- The 15x EBITDA-valued manufacturing company is similar to the 12x EBITDA company but has already sold substantial parts of the next years production. Predicted future sales growth is therefore of high quality.
Buying cheap and selling expensive is not only about the size of cashflow to be valued. It’s about transforming the business to a higher quality business as above examples has shown.
So which are the valuation multiple expansion drivers?
There are four levers that determine the quality of a business from a valuation point of view:
- Size is important for value creation. A larger business has more room for cost reductions and synergies with addon acquisitions. A larger business can become an industry leader and secure important customer relationships and pricing power.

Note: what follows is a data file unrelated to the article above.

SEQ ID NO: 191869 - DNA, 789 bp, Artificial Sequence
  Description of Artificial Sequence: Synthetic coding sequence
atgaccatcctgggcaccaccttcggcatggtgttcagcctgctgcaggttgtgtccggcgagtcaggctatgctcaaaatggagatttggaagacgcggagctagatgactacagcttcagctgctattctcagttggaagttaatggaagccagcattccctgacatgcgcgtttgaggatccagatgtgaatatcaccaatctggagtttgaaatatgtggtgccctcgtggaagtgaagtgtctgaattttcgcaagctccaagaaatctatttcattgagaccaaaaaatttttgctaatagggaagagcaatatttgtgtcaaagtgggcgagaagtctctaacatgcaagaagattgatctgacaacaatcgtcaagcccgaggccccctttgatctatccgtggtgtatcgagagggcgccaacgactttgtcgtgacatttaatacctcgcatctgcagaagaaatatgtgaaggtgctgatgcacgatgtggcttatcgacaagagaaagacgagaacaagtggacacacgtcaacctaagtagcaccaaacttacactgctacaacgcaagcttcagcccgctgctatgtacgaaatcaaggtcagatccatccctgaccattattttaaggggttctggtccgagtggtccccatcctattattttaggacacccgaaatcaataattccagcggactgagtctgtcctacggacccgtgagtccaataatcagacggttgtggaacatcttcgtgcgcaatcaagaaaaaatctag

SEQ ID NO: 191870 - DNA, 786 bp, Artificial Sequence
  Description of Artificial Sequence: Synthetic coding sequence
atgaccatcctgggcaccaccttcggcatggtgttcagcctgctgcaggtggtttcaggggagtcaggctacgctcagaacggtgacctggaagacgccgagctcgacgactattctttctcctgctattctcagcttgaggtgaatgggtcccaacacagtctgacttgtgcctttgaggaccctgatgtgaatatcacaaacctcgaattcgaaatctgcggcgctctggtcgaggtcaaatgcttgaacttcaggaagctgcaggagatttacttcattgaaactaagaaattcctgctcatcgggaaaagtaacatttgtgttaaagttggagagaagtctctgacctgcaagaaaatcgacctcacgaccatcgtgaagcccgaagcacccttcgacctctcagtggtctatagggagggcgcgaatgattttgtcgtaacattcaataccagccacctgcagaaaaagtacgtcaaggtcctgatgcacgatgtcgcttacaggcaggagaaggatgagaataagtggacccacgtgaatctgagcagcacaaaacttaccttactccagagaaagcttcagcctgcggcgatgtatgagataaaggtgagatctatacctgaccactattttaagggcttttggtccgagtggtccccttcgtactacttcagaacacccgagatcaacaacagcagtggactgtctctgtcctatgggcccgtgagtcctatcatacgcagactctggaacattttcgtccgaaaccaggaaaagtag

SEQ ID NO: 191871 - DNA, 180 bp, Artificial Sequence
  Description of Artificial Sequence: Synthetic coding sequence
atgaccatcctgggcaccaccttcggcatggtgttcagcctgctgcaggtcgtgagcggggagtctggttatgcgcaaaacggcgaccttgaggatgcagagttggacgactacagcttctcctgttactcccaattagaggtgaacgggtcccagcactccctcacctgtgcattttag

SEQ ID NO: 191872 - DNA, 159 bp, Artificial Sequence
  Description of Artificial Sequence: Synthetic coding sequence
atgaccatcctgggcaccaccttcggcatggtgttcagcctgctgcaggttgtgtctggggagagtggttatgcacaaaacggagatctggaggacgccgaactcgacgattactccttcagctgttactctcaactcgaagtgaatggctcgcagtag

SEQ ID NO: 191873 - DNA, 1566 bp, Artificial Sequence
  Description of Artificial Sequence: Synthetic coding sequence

- Global potential is key for private equity value creation. Only the US and the Chinese markets are strong enough to foster very large businesses. There is a natural growth cap in most other geographical markets unless the business has globally scalable potential and ambitions.
- Growth prospect is not as certain as many like to believe. Remember that many businesses have local or at best regional potential. Companies with products and organization set up for a global market has a higher value than those that do not. These companies fit the private equity value creation model.